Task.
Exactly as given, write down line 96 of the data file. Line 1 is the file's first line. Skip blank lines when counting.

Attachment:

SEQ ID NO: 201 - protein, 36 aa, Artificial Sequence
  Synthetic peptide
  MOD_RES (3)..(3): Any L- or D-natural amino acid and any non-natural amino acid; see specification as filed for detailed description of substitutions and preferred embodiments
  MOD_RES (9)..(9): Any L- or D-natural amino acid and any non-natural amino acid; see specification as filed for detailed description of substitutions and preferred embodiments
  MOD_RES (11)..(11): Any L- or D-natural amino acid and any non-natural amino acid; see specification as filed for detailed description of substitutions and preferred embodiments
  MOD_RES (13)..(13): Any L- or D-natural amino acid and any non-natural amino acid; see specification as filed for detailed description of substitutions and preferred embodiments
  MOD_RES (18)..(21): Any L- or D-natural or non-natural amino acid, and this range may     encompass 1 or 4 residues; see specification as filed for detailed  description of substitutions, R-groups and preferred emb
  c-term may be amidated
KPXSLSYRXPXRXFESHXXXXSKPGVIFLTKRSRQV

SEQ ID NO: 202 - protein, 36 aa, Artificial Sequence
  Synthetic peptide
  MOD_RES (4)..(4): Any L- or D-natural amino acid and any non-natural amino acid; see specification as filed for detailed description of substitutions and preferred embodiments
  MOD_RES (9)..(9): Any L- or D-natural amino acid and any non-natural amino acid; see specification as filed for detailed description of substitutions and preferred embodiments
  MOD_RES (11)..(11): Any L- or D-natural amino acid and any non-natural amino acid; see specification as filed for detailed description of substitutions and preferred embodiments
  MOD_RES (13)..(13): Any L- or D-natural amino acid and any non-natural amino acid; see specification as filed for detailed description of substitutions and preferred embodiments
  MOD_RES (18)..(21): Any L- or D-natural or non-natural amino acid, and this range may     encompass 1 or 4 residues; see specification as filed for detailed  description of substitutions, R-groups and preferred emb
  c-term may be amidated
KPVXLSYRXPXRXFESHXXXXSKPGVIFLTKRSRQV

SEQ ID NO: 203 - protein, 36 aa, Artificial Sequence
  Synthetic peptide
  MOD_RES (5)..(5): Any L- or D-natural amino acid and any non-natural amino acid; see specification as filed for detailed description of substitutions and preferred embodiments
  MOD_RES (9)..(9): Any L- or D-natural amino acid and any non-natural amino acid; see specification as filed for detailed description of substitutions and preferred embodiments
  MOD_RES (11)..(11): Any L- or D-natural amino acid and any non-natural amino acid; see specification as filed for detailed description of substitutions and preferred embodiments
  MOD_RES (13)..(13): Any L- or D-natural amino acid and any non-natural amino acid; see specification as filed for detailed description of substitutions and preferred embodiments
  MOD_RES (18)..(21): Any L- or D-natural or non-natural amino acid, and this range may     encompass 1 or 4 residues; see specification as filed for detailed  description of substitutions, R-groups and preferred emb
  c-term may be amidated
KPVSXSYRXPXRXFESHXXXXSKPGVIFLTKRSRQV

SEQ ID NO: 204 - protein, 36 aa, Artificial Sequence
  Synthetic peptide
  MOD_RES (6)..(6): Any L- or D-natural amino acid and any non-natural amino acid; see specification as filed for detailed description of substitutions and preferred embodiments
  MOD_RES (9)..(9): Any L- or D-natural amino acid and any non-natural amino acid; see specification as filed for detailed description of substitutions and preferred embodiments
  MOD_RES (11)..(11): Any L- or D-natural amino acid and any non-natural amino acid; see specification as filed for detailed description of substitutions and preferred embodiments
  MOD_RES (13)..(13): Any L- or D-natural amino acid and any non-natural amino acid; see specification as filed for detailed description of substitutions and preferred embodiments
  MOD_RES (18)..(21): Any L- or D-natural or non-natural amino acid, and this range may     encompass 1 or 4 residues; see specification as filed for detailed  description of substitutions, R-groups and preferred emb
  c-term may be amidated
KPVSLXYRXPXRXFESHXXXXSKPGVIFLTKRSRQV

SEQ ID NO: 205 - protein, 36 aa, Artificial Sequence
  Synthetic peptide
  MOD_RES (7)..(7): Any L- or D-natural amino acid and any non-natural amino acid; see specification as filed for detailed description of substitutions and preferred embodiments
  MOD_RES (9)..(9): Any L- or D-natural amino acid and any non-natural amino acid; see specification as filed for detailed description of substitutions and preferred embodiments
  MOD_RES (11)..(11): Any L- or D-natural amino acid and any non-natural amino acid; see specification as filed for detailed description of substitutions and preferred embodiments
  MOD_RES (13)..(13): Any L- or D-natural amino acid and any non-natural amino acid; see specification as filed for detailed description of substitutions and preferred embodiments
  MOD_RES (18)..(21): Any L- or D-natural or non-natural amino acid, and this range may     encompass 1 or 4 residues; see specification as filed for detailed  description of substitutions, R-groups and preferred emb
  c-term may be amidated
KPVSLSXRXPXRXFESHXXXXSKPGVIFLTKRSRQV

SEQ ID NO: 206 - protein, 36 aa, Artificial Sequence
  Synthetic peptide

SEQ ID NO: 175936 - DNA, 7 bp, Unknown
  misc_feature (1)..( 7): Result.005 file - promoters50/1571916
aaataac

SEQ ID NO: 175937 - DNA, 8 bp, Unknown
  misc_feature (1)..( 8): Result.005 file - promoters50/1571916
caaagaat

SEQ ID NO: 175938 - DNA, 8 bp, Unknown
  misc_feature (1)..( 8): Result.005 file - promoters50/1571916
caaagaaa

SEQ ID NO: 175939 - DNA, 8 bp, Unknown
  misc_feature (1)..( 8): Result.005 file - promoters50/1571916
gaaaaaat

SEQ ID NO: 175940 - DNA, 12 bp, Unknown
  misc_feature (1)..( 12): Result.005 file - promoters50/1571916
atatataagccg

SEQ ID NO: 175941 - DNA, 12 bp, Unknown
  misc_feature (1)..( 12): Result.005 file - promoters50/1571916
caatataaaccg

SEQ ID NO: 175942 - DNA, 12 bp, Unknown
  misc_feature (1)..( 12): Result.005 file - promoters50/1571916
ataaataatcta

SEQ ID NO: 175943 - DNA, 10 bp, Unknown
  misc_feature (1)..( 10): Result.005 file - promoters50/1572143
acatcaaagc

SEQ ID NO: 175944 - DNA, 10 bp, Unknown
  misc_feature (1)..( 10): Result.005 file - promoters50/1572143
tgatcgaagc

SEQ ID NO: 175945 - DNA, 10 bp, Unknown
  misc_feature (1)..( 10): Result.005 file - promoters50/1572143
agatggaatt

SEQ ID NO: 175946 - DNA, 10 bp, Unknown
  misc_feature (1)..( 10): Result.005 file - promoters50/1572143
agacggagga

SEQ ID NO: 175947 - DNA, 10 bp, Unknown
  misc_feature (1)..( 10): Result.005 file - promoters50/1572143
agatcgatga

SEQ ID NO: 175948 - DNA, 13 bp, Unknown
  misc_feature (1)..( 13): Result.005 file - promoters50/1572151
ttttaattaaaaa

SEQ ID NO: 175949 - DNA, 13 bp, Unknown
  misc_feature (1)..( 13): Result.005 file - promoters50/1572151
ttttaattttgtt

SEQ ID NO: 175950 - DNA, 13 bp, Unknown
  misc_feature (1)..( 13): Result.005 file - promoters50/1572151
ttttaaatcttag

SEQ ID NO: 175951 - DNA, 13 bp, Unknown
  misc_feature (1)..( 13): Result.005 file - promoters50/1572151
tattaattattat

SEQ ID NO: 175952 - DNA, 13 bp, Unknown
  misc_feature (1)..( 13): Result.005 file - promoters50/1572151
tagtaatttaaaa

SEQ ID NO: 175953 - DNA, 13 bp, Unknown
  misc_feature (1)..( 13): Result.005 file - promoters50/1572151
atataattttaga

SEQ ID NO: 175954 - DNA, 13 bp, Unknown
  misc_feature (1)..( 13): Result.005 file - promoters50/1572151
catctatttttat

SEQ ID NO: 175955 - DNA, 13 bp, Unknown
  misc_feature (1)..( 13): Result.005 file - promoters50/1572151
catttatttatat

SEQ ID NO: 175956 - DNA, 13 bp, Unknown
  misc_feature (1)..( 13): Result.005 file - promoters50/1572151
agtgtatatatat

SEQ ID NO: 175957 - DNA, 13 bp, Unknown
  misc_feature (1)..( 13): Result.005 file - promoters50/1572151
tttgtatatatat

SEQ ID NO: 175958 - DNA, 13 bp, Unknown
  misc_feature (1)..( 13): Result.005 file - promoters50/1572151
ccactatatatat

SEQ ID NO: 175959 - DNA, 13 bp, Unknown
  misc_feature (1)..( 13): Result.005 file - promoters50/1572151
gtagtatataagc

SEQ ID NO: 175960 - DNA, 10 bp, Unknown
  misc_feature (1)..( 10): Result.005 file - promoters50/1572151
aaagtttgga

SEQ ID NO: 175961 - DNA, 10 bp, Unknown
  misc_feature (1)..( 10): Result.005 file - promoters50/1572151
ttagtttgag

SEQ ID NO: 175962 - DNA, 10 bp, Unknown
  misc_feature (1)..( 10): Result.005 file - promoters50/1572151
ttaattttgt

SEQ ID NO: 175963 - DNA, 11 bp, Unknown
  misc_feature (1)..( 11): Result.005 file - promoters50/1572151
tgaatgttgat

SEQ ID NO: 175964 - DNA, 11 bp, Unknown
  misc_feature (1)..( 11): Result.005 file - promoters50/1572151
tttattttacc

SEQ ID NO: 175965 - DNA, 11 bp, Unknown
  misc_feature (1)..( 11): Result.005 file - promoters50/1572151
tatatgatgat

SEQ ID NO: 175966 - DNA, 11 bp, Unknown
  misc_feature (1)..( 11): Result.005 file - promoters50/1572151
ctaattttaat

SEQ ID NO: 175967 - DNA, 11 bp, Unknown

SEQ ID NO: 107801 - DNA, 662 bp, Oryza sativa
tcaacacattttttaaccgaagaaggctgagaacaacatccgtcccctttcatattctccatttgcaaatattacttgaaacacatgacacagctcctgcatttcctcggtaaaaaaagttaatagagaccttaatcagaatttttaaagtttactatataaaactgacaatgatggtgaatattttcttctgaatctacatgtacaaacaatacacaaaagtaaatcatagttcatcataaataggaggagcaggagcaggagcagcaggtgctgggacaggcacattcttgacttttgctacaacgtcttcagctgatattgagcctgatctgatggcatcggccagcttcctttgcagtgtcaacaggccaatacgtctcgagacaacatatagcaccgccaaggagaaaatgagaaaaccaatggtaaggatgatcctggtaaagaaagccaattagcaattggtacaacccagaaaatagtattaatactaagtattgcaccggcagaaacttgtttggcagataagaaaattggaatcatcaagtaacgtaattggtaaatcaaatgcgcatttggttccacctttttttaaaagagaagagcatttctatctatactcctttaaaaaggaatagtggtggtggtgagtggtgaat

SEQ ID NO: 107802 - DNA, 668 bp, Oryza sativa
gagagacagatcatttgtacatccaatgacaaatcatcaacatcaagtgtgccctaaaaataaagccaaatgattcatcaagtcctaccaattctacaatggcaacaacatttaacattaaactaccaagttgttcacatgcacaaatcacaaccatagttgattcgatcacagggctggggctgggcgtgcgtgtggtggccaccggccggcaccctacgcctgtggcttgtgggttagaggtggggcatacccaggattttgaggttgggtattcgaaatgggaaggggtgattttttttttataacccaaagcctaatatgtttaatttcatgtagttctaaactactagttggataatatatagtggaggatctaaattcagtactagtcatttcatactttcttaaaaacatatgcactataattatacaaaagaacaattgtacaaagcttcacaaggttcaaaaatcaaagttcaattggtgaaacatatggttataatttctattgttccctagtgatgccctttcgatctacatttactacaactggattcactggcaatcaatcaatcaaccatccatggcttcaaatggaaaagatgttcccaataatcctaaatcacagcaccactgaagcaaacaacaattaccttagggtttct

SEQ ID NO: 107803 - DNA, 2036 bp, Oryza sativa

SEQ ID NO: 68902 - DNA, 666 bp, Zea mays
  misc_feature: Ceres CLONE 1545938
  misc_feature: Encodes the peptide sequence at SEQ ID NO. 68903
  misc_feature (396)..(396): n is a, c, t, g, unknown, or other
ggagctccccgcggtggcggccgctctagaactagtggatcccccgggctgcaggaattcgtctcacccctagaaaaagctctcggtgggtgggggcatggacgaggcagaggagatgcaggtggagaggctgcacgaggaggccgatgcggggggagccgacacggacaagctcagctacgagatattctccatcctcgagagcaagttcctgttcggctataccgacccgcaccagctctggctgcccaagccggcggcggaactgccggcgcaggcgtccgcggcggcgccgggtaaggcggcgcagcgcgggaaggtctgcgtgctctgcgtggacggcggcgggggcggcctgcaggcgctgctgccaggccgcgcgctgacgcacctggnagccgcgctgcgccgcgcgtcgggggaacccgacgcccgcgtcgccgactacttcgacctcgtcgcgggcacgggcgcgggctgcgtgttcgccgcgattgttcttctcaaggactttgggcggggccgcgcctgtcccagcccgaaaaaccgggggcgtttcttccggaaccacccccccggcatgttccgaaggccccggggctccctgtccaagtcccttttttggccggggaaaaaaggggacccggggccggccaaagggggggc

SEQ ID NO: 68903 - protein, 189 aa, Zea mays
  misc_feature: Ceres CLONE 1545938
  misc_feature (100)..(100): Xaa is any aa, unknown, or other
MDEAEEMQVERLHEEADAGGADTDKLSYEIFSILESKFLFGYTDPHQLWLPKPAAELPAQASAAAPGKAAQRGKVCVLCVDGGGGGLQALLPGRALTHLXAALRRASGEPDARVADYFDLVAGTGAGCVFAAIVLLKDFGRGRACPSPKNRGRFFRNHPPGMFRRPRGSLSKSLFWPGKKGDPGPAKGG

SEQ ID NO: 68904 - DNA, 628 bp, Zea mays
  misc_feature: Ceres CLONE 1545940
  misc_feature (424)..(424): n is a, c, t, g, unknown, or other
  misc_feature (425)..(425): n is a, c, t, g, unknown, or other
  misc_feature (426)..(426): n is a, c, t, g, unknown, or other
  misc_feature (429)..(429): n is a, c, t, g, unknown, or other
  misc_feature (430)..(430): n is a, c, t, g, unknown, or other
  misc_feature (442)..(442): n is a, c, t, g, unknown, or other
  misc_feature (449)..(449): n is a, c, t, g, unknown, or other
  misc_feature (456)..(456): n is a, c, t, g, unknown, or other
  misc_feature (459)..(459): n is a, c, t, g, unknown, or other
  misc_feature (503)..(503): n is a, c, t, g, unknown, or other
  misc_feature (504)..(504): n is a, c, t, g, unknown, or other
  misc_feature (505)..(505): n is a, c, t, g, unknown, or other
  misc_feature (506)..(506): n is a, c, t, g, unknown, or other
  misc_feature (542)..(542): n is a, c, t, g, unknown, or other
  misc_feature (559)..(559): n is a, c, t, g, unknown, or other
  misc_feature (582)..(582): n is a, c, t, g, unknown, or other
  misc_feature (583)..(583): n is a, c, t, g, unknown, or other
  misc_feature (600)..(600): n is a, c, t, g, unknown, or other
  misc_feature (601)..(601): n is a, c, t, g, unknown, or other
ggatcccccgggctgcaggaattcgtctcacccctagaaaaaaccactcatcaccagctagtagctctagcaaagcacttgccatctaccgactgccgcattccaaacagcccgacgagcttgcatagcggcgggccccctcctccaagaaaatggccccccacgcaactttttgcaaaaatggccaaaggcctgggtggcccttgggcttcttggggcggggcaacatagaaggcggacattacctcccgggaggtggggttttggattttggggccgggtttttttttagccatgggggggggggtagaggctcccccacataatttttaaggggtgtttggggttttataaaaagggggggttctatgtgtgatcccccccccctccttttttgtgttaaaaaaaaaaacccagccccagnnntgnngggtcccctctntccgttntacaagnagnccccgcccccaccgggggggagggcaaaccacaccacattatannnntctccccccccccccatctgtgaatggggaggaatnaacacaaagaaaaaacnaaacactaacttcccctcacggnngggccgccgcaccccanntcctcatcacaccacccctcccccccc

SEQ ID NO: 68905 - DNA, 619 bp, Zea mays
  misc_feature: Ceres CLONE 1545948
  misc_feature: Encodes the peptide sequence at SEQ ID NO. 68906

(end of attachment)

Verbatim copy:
SEQ ID NO: 175952 - DNA, 13 bp, Unknown